I read an article in The Guardian  today that really pissed me off. For those familiar with the money section of The Guardian, they run an article every so often focusing on how different people spend their money. The column is called How I Spend It. Now, I realise that it is not meant to be an advice piece, much like my blog. I’m not a financial advisor. I have some financial qualifications like a Certificate in Mortgage Advice and Practice which means I am qualified to give mortgage advice. But I’m not a financial advisor. I’ve read extensively around money, budgeting and how people accumulate either wealth or debt. I may not be qualified but I think I am knowledgeable and experienced.
Anyway, in this article the young woman talks about how she “invests” in experiences. I agree that life is for living and that we should not live to work. However, experiences in the sense of holidays, restaurants, drinking and so on are not investments in my opinion. They are luxuries. In my experience, the average person who prioritises experiences over building a solid foundation of wealth based in assets will inevitably accumulate debt. The telling thing for me in the article came near the end when the young woman explains that her Dad bought the property she lives in and she pays £250 per month for the mortgage and an extra “couple of hundred” for the bills. Unless there is some extraordinary set of circumstances, this woman is paying under market value for her “rent” and probably not paying the full cost of the bills either. I’m not saying this is wrong; her Dad has obviously helped her out but I don’t see the benefit, or point, of the article. It’s not giving the average person any real direction on how to spend their money apart from a vague argument for the benefits of living in the now and spending disposable income on “experiences”.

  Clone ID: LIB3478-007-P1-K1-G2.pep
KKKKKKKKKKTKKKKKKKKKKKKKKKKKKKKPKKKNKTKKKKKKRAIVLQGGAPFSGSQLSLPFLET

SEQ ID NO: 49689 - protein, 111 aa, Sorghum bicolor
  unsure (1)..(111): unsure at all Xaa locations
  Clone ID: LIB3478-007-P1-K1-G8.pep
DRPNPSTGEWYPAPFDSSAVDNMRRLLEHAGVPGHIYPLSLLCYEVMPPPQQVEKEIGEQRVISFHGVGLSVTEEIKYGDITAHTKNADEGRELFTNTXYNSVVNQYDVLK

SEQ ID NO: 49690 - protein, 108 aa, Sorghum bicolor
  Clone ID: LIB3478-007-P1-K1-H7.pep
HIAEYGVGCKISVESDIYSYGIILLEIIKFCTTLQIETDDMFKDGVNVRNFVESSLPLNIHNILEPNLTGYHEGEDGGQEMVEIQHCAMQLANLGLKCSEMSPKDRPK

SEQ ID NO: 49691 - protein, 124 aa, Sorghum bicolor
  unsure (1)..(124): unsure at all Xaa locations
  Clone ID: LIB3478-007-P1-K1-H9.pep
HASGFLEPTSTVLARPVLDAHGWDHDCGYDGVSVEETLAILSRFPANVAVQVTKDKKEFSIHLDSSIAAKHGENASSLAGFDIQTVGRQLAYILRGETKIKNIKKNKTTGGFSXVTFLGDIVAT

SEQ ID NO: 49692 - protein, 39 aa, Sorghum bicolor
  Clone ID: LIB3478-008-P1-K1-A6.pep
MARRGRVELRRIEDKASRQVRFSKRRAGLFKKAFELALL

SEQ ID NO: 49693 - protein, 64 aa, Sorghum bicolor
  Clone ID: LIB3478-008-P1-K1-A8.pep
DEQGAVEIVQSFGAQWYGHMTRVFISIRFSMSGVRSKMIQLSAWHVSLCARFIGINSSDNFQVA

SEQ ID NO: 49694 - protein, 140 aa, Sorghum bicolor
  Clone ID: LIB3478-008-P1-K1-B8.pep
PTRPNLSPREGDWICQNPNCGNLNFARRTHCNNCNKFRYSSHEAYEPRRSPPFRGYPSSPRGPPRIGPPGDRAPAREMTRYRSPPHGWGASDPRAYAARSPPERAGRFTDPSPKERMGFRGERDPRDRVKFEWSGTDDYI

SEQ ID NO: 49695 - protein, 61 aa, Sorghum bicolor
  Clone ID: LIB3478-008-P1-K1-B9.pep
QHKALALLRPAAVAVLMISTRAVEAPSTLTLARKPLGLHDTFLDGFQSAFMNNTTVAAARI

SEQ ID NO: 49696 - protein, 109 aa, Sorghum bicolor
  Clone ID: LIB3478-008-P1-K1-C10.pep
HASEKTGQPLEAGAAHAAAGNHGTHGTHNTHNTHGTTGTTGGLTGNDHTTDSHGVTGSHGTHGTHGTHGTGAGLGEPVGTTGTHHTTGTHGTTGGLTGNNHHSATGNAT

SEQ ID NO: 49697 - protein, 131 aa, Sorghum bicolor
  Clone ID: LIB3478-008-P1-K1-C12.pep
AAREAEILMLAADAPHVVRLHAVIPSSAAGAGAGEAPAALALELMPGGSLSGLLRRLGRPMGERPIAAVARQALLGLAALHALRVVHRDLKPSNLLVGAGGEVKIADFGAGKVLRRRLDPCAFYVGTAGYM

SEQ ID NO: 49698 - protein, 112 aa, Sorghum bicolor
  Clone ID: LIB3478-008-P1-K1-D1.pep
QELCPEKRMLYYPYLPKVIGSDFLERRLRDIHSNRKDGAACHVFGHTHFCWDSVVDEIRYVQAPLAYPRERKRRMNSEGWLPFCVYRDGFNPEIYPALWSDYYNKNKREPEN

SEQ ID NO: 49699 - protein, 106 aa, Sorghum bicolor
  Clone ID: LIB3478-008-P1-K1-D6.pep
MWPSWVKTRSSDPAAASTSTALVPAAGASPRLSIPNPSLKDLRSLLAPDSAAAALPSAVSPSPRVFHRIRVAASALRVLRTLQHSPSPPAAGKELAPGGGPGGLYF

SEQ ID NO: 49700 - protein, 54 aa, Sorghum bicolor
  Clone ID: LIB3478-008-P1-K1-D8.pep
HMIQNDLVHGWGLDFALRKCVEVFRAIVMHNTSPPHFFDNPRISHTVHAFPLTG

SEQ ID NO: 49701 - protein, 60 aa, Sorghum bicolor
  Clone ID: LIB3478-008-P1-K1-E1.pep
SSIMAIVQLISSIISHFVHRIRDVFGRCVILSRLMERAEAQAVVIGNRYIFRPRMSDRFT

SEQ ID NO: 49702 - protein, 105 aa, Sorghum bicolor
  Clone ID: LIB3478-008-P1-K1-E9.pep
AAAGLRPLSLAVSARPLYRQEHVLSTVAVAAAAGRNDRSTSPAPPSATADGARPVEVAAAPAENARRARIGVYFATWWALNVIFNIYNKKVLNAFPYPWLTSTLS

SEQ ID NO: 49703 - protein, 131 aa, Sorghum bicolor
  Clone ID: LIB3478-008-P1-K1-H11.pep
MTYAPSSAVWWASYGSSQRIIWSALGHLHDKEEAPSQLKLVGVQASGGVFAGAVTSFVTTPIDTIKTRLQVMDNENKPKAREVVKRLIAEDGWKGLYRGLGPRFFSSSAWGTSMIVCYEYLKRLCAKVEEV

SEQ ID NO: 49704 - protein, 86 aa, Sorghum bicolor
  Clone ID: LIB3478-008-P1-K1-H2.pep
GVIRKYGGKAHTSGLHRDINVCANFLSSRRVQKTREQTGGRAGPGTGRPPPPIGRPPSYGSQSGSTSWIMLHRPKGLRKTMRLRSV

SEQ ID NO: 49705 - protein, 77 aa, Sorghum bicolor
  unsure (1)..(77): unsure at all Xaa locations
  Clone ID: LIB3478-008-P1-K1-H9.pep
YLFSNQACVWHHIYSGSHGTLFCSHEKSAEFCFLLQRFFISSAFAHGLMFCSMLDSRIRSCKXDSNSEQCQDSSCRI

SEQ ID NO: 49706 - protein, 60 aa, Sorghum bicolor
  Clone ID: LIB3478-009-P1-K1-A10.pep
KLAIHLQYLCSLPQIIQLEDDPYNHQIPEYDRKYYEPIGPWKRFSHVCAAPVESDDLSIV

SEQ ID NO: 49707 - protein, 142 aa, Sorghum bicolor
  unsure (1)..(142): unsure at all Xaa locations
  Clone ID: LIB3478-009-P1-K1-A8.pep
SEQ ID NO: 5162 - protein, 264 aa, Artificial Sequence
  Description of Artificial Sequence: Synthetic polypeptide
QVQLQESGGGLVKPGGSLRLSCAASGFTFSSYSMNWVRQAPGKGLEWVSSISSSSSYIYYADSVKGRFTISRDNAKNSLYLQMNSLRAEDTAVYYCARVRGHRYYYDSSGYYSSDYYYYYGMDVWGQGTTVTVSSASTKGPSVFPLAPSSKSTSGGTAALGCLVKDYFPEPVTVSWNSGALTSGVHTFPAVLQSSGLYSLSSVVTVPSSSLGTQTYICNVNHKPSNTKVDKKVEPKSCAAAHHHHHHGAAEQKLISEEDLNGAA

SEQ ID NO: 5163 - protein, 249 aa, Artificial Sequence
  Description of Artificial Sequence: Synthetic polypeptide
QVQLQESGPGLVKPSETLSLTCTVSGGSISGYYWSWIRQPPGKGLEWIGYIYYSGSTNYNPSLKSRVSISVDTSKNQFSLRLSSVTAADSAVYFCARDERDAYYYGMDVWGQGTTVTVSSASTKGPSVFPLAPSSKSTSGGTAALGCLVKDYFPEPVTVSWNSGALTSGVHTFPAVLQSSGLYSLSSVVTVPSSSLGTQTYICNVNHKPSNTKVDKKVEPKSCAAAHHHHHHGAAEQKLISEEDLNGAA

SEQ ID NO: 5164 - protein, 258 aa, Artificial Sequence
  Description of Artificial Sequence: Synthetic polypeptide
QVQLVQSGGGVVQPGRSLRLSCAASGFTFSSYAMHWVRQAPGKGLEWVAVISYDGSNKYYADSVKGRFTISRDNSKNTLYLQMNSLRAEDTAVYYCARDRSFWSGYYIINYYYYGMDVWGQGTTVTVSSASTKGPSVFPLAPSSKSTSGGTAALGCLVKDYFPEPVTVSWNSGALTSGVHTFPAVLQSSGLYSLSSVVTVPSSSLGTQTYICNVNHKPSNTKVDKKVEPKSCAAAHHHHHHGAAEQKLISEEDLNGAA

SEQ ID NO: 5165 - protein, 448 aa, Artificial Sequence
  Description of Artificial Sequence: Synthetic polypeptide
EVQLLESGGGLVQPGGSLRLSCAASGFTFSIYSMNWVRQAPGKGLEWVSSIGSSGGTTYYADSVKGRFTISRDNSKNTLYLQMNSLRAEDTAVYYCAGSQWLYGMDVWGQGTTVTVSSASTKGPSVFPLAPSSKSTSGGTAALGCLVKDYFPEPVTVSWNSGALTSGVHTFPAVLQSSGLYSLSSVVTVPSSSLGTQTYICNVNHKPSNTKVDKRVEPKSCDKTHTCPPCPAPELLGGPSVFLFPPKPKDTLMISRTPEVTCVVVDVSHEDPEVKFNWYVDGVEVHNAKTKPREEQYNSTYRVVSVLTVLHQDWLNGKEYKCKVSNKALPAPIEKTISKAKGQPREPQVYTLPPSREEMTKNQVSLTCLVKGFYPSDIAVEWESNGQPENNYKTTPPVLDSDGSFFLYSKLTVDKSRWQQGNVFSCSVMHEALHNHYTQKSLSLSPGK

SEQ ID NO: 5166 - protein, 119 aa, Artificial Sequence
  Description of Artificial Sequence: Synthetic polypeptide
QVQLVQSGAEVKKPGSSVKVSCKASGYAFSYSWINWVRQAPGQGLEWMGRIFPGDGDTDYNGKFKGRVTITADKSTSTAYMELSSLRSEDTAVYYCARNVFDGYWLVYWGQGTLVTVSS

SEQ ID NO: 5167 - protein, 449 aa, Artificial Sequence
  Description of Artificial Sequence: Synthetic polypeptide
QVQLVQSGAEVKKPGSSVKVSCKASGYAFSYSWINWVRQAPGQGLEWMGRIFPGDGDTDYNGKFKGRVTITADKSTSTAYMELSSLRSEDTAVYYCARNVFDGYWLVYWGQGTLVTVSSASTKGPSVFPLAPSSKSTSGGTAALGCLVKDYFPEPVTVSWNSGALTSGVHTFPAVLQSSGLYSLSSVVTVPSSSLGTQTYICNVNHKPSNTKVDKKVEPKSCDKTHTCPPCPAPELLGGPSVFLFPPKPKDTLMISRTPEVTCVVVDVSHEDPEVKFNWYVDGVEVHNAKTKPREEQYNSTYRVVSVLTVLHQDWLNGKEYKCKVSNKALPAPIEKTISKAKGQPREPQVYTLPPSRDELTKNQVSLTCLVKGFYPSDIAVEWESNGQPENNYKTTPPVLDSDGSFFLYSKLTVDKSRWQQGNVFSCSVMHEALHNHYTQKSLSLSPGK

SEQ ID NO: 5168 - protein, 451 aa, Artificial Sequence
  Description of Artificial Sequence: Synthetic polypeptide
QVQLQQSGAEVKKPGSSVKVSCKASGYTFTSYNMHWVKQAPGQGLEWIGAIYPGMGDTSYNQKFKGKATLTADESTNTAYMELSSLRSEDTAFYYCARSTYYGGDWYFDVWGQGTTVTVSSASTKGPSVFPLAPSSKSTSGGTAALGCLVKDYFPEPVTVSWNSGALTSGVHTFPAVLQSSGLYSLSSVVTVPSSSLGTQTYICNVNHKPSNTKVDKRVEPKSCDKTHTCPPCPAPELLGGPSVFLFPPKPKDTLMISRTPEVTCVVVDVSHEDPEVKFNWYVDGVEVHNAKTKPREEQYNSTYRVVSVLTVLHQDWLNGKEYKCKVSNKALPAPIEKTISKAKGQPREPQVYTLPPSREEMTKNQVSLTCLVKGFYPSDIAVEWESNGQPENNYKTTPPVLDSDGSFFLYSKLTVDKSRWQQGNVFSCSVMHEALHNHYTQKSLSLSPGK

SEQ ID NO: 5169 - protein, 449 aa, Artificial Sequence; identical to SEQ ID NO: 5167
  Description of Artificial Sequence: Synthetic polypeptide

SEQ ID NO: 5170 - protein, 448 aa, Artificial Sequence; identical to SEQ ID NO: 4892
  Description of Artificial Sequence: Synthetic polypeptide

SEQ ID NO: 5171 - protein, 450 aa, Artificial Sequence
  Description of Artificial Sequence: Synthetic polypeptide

It really grates on me when people promote this idea of living in the now and “it’s just money”. What does that even mean? “It’s just money?”
A few days ago Yahoo Finance  reported that the Financial Conduct Authority released a report stating they may recommend that the minimum payment requirement on credit cards be scrapped. Apparently this will increase the amount people repay on their credit cards. Let that sink in. Removing the minimum payment requirement will increase the amount people will repay. I can sort of see how this would work for some people, but only those who are financially literate already. Unfortunately, in my experience, most people are not financially literate.
Over the years I have known and interacted with a number of financial professionals from brokers to advisors. Many of them do not practice what they preach and are heavily in debt with credit cards being the main type of debt. According to The Money Charity , in January 2018 UK credit card debt stood at £70.35 billion, or just over £2,500 per household. I was speaking to a friend of a friend today, who had been pointed in my direction as my friend knew I have an interest in money. This friend of a friend was heavily in credit card debt and was thinking of taking a loan to pay the debt off. Their credit card debt stood at a little over £20,000 and had accumulated over the course of three years through normal day-to-day spending. A rough, back-of-the-napkin calculation suggests that debt must have increased by roughly £500-£600 per month, every month for three years. The loan would have a repayment of £280 per month over nine years at roughly 9% interest. Not bad compared to the high rates being charged on some of the credit card statements I was looking at, with total monthly payments on the cards coming at just under £600 for the minimum payment.
My first question to this person was; “what will you do with the credit cards once you pay them off?”